Dennis Ignatius: The greatest UNGA speech ever

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The MAGA (Make Anwar Great Always) brigade is getting to be a real embarrassment to Malaysia, perhaps even to the PM himself.

It seems like every time you access the news these days, somebody somewhere is unabashedly extolling the virtues of our larger-than-life prime minister. Politicians, columnists and otherwise normally sane people appear to be falling over themselves to glorify him.

Since taking office less than a year ago, the MAGA (Make Anwar Great Always) brigade has highlighted his great “spiritual depth and breadth”, claimed that he possesses the “attributes of a great soul” and declared him to be a “true light”. Others gushed that all the other prime ministers who went before him were but “pygmies” in comparison to the great man or hailed him as a renaissance man, a great scholar and philosopher and a religious leader to boot. And just recently, one academic – and an Indonesian one at that – described him as “greater than Sukarno”.

Taken together, the MAGA brigade would have us believe that we have a prime minister who is a unique combination of Nelson Mandela, Mahatma Gandhi, Aung San Suu Kyi and Sukarno; a philosopher-prince, a preacher-politician, a stateman-strategist, a reformer-renaissance man all rolled into one.

And, since greatness these days is incomplete without a biopic, we have “Anwar: The Untold Story” – never mind that the real story of Anwar is as yet untold and will have to await history’s verdict.

Such is the eagerness to glorify the man that the MAGA brigade appears to be constantly on the lookout for new opportunities to wax lyrical about him. No surprise then that they quickly seized upon his recent UNGA speech.

Foreign Minister Zambry Kadir set the ball rolling when he announced that many world leaders were “eagerly” awaiting the prime minister’s speech. Others, including former DAP MP Kasthuri Patto, quickly joined the parade. Patto said she “watched in awe” as the PM courageously took on the big powers and spoke with such “courage, conviction, passion and spirit” that it “broke the spell” of Malaysia’s decline on the world stage.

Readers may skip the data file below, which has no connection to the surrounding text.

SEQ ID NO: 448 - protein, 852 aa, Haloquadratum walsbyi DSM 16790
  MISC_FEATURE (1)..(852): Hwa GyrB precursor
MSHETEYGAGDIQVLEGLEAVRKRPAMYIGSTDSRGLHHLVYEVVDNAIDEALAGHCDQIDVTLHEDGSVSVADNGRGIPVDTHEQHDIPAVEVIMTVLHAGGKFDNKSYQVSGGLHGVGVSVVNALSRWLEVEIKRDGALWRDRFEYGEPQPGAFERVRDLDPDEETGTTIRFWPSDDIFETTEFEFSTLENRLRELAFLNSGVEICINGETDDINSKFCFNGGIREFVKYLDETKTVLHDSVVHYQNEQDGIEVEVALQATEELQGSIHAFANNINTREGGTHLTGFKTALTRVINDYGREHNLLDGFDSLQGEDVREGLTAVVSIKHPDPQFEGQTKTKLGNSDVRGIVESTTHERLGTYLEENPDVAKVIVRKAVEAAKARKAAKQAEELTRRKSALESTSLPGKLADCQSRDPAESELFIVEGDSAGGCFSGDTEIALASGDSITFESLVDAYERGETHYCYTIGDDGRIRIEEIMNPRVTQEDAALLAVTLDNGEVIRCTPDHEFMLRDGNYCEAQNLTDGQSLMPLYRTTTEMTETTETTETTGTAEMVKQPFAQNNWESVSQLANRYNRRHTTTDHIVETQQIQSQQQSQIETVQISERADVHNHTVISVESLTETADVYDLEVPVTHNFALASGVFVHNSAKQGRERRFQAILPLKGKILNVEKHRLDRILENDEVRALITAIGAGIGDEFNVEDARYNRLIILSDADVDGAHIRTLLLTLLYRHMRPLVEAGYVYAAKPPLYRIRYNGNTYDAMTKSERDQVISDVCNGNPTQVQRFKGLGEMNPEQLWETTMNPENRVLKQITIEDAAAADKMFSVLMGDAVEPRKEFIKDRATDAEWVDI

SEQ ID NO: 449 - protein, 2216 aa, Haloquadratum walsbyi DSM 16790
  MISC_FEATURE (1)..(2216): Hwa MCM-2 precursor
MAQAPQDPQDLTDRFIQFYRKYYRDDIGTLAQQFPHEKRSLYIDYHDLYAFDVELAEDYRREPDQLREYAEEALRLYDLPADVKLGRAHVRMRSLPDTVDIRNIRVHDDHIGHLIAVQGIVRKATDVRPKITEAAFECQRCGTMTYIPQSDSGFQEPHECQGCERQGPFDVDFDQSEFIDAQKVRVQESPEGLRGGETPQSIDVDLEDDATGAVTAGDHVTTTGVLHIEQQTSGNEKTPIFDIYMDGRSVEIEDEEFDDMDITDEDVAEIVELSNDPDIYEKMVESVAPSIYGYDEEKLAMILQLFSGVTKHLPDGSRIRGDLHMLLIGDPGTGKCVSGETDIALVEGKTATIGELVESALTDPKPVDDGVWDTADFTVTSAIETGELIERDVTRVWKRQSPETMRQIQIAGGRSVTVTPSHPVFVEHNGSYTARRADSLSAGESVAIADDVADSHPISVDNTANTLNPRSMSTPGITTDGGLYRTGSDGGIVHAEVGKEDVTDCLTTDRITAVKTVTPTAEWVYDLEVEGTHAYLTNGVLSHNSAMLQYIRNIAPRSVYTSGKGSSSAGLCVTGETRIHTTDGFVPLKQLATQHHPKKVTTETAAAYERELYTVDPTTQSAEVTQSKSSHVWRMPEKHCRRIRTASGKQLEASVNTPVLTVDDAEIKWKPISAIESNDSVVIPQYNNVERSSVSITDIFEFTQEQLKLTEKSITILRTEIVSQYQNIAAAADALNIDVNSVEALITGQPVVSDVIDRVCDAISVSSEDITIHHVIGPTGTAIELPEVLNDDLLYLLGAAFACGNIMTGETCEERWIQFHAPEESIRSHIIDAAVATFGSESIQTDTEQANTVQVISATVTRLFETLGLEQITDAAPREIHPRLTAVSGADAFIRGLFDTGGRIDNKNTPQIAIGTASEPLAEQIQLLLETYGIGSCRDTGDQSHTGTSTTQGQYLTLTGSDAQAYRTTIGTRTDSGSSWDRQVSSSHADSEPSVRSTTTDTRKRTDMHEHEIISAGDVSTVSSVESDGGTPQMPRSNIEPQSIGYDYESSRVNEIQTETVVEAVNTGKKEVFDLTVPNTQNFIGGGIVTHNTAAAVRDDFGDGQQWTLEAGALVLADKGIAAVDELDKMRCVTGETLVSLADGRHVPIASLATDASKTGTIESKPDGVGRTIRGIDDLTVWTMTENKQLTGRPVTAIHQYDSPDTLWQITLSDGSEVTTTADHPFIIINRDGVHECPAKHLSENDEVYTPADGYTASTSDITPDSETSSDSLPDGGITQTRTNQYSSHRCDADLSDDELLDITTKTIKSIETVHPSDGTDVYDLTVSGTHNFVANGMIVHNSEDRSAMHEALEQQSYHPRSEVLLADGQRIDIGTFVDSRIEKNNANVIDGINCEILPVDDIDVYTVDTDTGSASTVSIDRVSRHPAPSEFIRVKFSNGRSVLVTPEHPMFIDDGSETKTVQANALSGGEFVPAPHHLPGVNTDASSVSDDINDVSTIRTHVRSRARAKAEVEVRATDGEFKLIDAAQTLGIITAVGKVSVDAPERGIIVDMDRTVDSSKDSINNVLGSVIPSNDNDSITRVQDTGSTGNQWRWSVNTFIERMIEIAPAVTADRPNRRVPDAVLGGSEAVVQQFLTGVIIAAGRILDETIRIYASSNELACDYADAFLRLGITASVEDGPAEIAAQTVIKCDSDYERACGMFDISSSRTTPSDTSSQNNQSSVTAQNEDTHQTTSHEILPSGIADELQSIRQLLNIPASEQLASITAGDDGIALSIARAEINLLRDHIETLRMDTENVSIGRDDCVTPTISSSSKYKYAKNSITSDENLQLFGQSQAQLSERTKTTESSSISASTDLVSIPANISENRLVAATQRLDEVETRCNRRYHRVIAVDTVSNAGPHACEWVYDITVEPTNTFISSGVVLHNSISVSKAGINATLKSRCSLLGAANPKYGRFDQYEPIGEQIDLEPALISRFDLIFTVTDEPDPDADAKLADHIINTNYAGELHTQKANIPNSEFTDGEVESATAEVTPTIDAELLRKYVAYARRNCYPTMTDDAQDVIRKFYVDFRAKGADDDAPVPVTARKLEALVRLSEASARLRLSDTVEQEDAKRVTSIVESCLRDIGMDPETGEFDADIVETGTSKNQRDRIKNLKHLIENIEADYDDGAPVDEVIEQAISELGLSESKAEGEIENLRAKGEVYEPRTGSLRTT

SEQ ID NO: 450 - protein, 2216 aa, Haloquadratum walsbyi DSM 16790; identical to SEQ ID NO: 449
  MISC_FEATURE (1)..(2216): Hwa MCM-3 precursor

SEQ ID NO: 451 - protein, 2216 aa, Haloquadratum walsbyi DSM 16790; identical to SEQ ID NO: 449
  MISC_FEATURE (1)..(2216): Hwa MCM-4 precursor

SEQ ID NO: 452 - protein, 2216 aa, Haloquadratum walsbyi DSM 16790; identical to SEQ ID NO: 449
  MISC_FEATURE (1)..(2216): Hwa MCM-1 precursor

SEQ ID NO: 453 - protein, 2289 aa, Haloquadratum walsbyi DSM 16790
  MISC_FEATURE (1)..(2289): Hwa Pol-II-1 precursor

The prize for the most cringe-worthy piece, however, must undoubtedly go to her DAP colleague Howard Lee – the MP for Ipoh Timor who also sits on the Parliamentary Special Select Committee for Foreign Affairs and International Trade. He was so effusive in his praise that he almost used up all the fawning adjectives to be found in Roget’s Thesaurus.

“Few Malaysian speeches,” he raved, “have resonated with such profound eloquence and gravitas.” Calling it a “magnum opus of a speech,” he said that “such audacity, combined with an articulate tone of statesmanship, depth and familiarity, is emblematic of [Anwar’s] foreign policy worldview.” He also threw in terms like “a singular masterpiece by the grandmaster”, a “treasure trove of implied messaging”, “intense” and “definitely fruitful in riling up a frenzy of excitement” and “priceless”.

In all my many years in the foreign service, I have never come across a more mindless, obsequious and grovelling response to a prime minister’s speech. Clearly, all these people are too easily impressed or eager to impress or just haven’t read too many UNGA speeches.

Each year, up to 193 world leaders congregate in New York to deliver their respective “great” speeches. Other than fawning followers at home or members of delegation who feel very pleased with themselves for being given an all-expenses paid trip to the Big Apple (courtesy of their respective taxpayers), no one else really cares about these speeches.

UNGA speeches are simply occasions for political grandstanding. Smaller countries will invariably complain about the veto powers of the Permanent Five. Muslim countries will inveigh against Islamophobia and the Israeli occupation of Palestine. ASEAN countries will condemn Myanmar over the Rohingya issue. And, of course, everyone will stress the importance of tackling climate change.

How they actually structure their own policies when they get home is a different matter. The same countries who are very vocal about Islamophobia in the West, for example, will have nothing to say about the well-documented persecution of Uighur Muslims in China.

If anything, Anwar did a better job delivering his speech than Zahid Hamidi whose performance at the podium in 2016 was disastrous. And thankfully, he didn’t speak in the national language like Ismail Sabri; nothing wrong with the national language but in the UNGA context it’s a meaningless gesture. Of course, at home, Ismail was hailed as having “revived the glory days of Bahasa Melayu.”

As speeches go then, it was all very much routine by UNGA standards; nothing earth-shattering, certainly nothing worthy of the kind of vacuous veneration that Howard Lee and others lavished upon it.

Honestly, the MAGA brigade is getting to be a real embarrassment to Malaysia, perhaps even to the PM himself. It’s time to stop all this toadying behaviour. Instead of hand-kissing the PM they ought to be holding his feet to the fire to ensure that he lives up to his promises, that he delivers on all those urgently needed reforms. – Dennis Ignatius